Innovation That Matters

Plant lamp

Atmospheric lamp harvests its energy from plants


A new lamp designed by Dutch company uses the photosynthetic process to derive power from living plants.

We have seen several ideas that combine living plants with sustainability, such as a plant wall that filters air and a forest city that combats air pollution. Now, Dutch designer Ermi van Oers has created a lamp that uses a living plant to generate its own electricity. The lamp, dubbed the Living Light, is made of a plant encased in a glass tube. As the plant undergoes photosynthesis, it releases organic compounds into the soil. This material is then broken down by bacteria to create a microbial fuel cell – a system in which electrons are transferred from the bacteria to an anode. From there, the electrons are transferred along a wire to the cathode. This flow of electrons is similar to that in a battery and is used to power LEDs, which light up when a user touches the plant’s leaves. Similar microbial fuel cells are already in use in wastewater treatment, but this may be the first time they have been used to provide light.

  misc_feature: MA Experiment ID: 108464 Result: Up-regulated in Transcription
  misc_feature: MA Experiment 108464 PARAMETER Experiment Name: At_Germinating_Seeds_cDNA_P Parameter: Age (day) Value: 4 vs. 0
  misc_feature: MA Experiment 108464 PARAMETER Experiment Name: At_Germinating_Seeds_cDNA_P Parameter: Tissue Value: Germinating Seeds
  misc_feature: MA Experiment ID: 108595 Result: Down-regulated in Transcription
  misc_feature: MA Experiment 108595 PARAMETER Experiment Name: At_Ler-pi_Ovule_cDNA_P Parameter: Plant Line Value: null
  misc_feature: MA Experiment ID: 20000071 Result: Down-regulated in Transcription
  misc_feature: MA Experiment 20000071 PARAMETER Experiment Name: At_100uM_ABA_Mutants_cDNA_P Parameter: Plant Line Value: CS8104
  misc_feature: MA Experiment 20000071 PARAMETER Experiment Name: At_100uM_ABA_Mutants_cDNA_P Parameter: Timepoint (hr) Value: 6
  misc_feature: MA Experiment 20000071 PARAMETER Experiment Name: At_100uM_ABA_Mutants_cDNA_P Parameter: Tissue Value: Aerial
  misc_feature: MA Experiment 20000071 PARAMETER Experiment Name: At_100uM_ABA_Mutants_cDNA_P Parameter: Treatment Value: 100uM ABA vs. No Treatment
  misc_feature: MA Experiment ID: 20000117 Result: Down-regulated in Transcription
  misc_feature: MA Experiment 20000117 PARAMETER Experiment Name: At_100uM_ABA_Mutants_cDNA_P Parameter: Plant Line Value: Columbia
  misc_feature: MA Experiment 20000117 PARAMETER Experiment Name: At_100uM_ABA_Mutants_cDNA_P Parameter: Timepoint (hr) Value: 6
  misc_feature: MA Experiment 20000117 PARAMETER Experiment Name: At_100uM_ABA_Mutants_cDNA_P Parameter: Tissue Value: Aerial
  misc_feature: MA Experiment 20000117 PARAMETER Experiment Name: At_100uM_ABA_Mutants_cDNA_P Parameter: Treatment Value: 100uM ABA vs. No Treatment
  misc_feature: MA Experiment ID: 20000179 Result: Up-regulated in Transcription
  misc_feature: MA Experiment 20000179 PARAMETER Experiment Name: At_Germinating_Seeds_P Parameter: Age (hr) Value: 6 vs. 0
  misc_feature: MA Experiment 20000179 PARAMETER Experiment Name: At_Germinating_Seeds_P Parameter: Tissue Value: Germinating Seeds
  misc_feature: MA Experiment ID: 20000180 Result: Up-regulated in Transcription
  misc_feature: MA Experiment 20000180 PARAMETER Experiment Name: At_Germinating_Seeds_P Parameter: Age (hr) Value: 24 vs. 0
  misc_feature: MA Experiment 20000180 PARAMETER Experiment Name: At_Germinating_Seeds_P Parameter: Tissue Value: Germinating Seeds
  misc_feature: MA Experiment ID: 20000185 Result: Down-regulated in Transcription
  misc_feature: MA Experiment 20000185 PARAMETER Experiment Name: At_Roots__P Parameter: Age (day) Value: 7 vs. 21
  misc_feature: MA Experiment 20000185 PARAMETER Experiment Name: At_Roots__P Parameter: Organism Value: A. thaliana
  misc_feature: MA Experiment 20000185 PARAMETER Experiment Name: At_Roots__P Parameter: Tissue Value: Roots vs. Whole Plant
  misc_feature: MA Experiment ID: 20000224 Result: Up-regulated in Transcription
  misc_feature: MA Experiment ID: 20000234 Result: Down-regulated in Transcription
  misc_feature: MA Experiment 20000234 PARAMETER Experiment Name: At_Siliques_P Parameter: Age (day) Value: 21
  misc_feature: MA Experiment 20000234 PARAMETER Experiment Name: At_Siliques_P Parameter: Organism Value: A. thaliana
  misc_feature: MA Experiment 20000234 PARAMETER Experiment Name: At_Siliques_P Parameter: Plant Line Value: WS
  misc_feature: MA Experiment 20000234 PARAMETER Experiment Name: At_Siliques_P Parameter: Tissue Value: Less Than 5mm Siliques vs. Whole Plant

Van Oers became interested in biotechnology while studying sustainability at university, where she was fascinated by the way that nature works on a circular nutritional system. She developed the Living Light with Dutch research group Plant-e. Although the Living Light can only produce a small amount of energy in its current form, and takes a day to produce enough energy for half an hour’s charge, Oers is continuing to develop the technology and plans to apply it to public spaces. Her hope is that the technology can eventually be scaled up to power entire smart cities. She is currently collaborating with the municipality of Rotterdam to light up one of the city’s parks.

In addition to developing the light, Oers is also giving talks and expositions which highlight the importance of the “cross pollination between design, science and technology to shape the city of tomorrow.” She plans to roll out the first 50 lamps by early next year, at a cost of around EUR 1500 each. Will microbial fuel cell technology eventually enable us to light entire cities with plants?




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